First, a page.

Its roughly 200 stalls fill a modern covered space a few blocks north of the Vatican, yet the city-run Trionfale Market remains unadulterated by Rome's notorious tourist flood. Dozens of produce stalls showcase local and seasonal specialties, while several international stalls cater to Rome's robust immigrant community. Roman and Halal butchers sell meat and offal, while specialty stalls sell dried fruits, spices, eggs, and honey. Its atmosphere, energy, and excellent produce make this a great destination to snag picnic provisions or to stock up on ingredients if you're staying somewhere with a kitchen.

Trionfale Market
Via Andrea Doria
Trionfale, Rome, Italy
+390639720786

Biomercato
The farmers' market phenomenon is slowly gaining momentum in Rome. Since the late 19th century, city authorities have actually tried to maintain an elongated supply chain in order to generate jobs and ensure regulation, but a few groups of farmers have emerged to change the game. At the Biomercato, which is held Sundays in Testaccio's converted slaughterhouse, biodynamic farmers sell seasonal produce beside artisanal bakers and pig farmers selling beautifully cured pork.

Biomercato
Largo Dino Frisullo
Testaccio, Rome, Italy
+393337035270

Costantini
This historic wine and spirits shop near Castel Sant'Angelo and the Vatican has a vast basement cellar full of Italian and French wine, but be sure to linger on the ground floor for a look at one of Rome's few prestigious spirits collections. Stock up on artisanal amaro, gentian root-based liquors, and grappa, all beverages traditionally consumed to promote postprandial digestion.

Costantini
Piazza Cavour 16
Prati, Rome, Italy
+39063203575

Prelibato
At Prelibato in Monteverde Vecchio, a bakery that opened in 2014, chef-turned-baker Stefano Preli makes traditional loaves and sweets. Look for heirloom wheat-based breads, classic pound cakes, and sweet leavened buns. Don't miss the pizza by the slice, which comes with assorted toppings including amatriciana (tomato, guanciale, and Pecorino Romano), a riff on the popular pasta dish.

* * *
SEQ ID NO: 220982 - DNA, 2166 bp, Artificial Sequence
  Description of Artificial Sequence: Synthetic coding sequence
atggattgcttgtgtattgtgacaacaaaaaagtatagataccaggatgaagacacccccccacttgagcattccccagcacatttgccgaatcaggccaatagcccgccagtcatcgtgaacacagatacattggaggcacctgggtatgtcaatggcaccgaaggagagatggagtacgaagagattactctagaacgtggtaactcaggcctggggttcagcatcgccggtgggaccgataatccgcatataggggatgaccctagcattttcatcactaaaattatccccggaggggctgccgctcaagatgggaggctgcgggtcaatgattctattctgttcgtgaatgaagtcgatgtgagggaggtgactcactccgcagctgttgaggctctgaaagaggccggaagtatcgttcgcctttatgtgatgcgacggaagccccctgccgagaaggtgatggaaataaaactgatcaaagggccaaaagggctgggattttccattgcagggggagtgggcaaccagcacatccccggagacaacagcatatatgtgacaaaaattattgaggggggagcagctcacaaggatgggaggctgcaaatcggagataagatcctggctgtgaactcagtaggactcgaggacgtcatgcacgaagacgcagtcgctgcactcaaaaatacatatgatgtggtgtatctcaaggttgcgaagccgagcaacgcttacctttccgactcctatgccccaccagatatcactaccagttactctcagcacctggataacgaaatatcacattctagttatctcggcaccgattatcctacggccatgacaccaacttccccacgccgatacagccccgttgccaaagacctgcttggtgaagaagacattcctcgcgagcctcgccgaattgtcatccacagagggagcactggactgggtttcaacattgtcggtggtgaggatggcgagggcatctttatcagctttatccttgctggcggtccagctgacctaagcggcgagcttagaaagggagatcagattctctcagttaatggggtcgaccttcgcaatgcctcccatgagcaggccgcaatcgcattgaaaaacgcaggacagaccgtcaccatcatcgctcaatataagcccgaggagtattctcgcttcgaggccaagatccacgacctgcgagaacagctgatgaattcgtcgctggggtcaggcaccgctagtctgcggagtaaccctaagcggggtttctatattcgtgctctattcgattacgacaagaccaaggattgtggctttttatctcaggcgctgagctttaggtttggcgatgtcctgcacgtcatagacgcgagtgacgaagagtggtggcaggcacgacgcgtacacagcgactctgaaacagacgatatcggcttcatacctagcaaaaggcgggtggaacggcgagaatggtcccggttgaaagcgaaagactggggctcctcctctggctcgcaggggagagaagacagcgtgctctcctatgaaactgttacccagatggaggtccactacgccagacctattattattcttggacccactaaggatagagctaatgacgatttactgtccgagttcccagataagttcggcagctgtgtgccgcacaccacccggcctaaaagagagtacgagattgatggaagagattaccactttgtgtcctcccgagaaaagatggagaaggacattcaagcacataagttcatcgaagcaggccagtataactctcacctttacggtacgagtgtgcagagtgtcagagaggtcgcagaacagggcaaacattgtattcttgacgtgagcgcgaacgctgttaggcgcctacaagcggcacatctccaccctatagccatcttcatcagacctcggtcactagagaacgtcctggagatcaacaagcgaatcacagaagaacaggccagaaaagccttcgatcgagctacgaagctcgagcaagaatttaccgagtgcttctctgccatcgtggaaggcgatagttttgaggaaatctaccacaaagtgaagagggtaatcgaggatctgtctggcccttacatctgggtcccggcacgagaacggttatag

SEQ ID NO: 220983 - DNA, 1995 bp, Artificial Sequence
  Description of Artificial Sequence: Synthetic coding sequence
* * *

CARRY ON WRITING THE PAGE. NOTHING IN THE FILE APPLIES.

Prelibato
Viale di Villa Pamphili, 214
Monteverde Vecchio, Rome, Italy
+390693577165

vino roma wine tasting travel
Vino RomaKatie Parla

Vino Roma
Italian wine lists can be daunting due to complex regional wine laws and an utter lack of consistency from one list to the next. A tasting at Vino Roma, a wine studio in the Monti neighborhood, will demystify the opaque world of vino italiano. During tastings, a trained sommelier guides your experience, pouring wines selected to highlight typical styles and indigenous Italian grapes.

Vino Roma
Via in Selci 84/G
Monti, Rome, Italy
+393284874497

Domus Birrae
This craft beer shop near Santa Maria Maggiore on the Esquiline Hill stocks a well-chosen selection of Italian craft beers and imported brews. At the front of the shop, cold beers are sold from fridges, ready to drink, while the back room is devoted to larger-format bottles and brewing equipment. The selection of sour ales from LoverBeer and Montegioco's beers brewed with heirloom fruit are ace.

Domus Birrae
Via Cavour, 88
Esquilino, Rome, Italy
+390697997570

Pasticceria Regoli
Founded near Piazza Vittorio in 1916, this historic shop sells luscious strawberry tarts, whipped cream-filled sweet buns, and luscious Chantilly cream-filled pastries. It's the kind of place Romans go to fetch pastries when they want to make a good impression as dinner guests. Items are only sold to take away, but in late 2014, Regoli opened a coffee shop next door where you can also purchase their pastries to eat in.

Pasticceria Regoli
Via dello Statuto, 60
Esquilino, Rome, Italy
+39064872812

Katie Parla is a Rome-based food and beverage journalist, educator, and culinary guide. She is the author of the blog Parla Food, the mobile app Katie Parla's Rome and co-author of the forthcoming cookbook Tasting Rome (Clarkson Potter, 2016).